Have you ever been wondering what the songs of the legendary Pink Floyd aldum Dark side of the moon would sound like if they were played by a mandolin trio? Of course youe have! And now here is the answer, as Fausto Mesolella and two companions have arranged some of the songs for this rather unusual instrumentation.
The early Black Sabbath is one of my favorite bands of all time. I started listening to them when I was about 14, and many of those songs are still absolutely amazing. I am, of course, not the only one to think so, since practically the entire metal genre is based on what Black Sabbath created more than 40 years ago. Several of their songs have been covered by countless metal bands, resulting in the tunes becoming extremely worn out. Therefore it is very refreshing to hear artists from completely different genres do their take on these great songs.
In the last few years, First Aid Kit from my home town Stockholm has become one of Sweden’s biggest bands, selling loads of records and touring heavily in Europe, North America and Australia. Their country pop with their trademark vocal harmonies is miles away from heavy metal, but occasionally, in tunes like The lion’s roar and Wolf, they show that there is also a rockier side to them. Still, it was quite a surprise when First Aid Kit added one of Black Sabbath’s most covered songs, War pigs, to their setlist on their festival shows in the summer of 2015. They actually do not just a good version but a really great one, and rock out quite hard!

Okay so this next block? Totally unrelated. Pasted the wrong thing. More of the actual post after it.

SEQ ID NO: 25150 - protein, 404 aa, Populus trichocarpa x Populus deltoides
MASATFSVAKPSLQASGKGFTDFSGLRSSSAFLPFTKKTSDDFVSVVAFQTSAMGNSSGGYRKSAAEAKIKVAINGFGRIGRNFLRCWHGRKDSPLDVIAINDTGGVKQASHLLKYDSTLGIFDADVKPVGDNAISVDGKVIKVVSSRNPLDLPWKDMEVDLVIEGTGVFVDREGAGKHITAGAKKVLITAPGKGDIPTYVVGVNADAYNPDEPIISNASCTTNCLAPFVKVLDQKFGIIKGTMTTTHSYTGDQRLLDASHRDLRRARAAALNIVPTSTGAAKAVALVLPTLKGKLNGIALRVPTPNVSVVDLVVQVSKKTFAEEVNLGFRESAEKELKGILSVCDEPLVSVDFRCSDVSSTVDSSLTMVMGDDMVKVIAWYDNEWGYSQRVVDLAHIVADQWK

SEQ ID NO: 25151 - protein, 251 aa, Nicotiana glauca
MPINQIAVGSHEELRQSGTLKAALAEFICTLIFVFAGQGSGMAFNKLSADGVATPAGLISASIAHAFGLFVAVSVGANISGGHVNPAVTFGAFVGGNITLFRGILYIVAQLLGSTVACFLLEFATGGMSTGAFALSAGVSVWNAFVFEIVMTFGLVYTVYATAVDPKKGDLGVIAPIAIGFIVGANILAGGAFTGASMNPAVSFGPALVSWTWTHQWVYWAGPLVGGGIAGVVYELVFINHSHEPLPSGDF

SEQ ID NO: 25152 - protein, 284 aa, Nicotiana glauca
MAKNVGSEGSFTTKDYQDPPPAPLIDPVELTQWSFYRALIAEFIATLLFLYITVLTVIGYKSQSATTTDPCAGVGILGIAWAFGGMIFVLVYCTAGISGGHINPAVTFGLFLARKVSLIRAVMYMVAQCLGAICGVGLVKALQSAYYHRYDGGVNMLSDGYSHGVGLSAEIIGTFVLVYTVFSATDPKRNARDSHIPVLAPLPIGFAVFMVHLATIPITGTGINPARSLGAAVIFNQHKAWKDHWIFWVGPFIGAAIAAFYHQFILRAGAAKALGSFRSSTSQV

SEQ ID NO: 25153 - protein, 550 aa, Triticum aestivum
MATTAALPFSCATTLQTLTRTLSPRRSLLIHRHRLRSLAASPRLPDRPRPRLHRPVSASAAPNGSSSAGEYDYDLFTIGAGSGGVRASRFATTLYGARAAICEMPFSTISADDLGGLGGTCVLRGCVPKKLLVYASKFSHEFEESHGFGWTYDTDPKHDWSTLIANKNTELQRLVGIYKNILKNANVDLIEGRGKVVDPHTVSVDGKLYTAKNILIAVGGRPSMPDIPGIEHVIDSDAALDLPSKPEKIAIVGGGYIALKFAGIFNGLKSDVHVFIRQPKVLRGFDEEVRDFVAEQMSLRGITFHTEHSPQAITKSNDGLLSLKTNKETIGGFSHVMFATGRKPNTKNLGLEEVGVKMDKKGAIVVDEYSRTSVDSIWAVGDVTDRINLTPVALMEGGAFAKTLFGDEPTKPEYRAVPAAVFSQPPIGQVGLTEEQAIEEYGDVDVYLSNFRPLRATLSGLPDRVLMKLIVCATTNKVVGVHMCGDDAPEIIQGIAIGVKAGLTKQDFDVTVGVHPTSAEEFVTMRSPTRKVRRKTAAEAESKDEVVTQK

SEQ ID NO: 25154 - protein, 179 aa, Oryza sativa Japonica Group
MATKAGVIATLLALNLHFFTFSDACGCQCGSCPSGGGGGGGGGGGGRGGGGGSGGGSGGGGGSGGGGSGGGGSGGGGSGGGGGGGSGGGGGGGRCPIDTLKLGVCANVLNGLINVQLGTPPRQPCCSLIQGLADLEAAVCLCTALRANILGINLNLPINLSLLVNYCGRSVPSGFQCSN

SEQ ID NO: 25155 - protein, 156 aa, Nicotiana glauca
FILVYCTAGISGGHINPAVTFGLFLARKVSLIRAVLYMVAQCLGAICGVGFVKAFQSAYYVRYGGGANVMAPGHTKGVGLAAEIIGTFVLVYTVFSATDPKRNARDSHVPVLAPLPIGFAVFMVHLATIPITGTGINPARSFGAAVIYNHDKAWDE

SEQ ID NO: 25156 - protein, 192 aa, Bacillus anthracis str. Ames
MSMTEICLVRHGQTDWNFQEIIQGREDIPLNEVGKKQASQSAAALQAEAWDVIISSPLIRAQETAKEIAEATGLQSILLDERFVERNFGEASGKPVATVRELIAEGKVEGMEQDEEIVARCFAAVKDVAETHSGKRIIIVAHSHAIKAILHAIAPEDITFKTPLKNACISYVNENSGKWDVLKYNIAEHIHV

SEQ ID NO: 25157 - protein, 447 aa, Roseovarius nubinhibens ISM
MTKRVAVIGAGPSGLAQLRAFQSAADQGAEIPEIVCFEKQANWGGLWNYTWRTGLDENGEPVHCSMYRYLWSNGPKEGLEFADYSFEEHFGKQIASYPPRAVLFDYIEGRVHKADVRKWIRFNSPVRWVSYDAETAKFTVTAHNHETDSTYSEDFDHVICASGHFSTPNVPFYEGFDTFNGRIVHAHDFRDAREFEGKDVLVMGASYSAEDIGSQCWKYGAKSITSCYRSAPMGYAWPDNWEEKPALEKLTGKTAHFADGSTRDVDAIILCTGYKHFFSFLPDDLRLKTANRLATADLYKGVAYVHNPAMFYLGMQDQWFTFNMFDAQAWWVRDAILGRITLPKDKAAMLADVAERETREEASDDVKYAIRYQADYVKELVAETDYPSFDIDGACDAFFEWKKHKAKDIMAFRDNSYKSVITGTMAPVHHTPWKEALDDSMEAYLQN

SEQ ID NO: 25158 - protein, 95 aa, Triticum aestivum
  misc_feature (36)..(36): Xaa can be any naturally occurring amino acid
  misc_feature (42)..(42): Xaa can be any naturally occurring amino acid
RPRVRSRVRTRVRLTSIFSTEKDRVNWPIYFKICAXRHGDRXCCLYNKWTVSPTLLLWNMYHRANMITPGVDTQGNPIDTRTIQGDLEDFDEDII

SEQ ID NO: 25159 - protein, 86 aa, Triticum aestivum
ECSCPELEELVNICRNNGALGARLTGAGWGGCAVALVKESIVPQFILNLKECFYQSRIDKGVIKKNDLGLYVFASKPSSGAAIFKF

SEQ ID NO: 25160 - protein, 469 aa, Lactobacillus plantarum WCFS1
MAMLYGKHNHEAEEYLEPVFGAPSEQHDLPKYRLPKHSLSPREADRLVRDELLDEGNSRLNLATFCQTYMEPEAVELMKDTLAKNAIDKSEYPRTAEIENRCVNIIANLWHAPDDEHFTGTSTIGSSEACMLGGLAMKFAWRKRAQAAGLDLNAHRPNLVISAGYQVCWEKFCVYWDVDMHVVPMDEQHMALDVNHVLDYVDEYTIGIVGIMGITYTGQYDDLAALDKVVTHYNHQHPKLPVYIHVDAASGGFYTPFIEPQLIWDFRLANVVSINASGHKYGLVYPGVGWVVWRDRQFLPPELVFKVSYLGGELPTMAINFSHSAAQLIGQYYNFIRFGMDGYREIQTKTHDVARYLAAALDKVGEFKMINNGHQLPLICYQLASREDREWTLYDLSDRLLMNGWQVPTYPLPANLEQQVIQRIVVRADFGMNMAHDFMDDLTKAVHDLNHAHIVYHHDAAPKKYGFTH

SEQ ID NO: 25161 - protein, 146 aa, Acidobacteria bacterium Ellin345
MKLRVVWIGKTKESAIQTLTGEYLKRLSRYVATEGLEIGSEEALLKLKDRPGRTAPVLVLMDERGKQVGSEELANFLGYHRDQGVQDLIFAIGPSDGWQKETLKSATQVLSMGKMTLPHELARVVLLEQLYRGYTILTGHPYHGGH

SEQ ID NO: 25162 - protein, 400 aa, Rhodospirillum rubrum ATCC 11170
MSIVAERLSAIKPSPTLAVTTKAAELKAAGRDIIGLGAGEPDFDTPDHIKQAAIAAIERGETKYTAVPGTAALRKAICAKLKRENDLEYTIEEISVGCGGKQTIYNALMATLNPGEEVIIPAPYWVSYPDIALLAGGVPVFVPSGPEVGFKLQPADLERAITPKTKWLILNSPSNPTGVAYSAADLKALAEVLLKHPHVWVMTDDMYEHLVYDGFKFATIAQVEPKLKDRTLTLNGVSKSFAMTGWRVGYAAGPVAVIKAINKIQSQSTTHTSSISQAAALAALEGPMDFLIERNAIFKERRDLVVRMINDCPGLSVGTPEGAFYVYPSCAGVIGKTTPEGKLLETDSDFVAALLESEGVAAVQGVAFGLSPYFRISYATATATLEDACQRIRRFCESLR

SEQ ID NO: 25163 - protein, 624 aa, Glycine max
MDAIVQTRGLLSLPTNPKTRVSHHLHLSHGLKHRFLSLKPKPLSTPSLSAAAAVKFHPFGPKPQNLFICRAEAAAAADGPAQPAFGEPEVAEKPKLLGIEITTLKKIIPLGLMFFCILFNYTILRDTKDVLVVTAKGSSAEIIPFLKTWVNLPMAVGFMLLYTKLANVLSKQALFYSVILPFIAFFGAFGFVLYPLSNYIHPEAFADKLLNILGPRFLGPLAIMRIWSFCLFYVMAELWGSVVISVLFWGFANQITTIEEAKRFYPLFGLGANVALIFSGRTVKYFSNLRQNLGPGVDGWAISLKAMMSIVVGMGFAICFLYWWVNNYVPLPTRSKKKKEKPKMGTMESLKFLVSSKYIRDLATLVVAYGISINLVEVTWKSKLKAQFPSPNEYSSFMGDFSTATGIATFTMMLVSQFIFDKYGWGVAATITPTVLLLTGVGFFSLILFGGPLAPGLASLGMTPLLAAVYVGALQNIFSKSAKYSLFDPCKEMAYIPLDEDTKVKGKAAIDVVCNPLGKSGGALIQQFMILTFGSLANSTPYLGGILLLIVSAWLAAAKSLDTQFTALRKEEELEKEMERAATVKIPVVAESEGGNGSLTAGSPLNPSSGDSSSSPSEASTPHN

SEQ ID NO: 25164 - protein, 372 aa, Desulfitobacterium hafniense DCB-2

Playing a cover song is not as easy as one might think, at least not if it’s to be done well. Many bands try to sound as identical to the original artist as they can, and to me this is usually quite pointless. To make a cover interesting in my opinion, you have to add your own character to the song, not try to be a jukebox. In many cases this happens when artists cover a song from a totally different genre than they usually play.
This post introduces The cover series, where I present artists who do precisely this.
British sisters Becky and Rachel Unthanks, vocalists of The Unthanks, have their roots in English folk singing, and use that as the foundation for their music as it expands in different directions. Their rendition of one of King Crimson‘s most wonderful tracks, Starless, is utterly beautiful and haunting, with piano and a string quartet providing the accompaniment for the vocals and trumpet.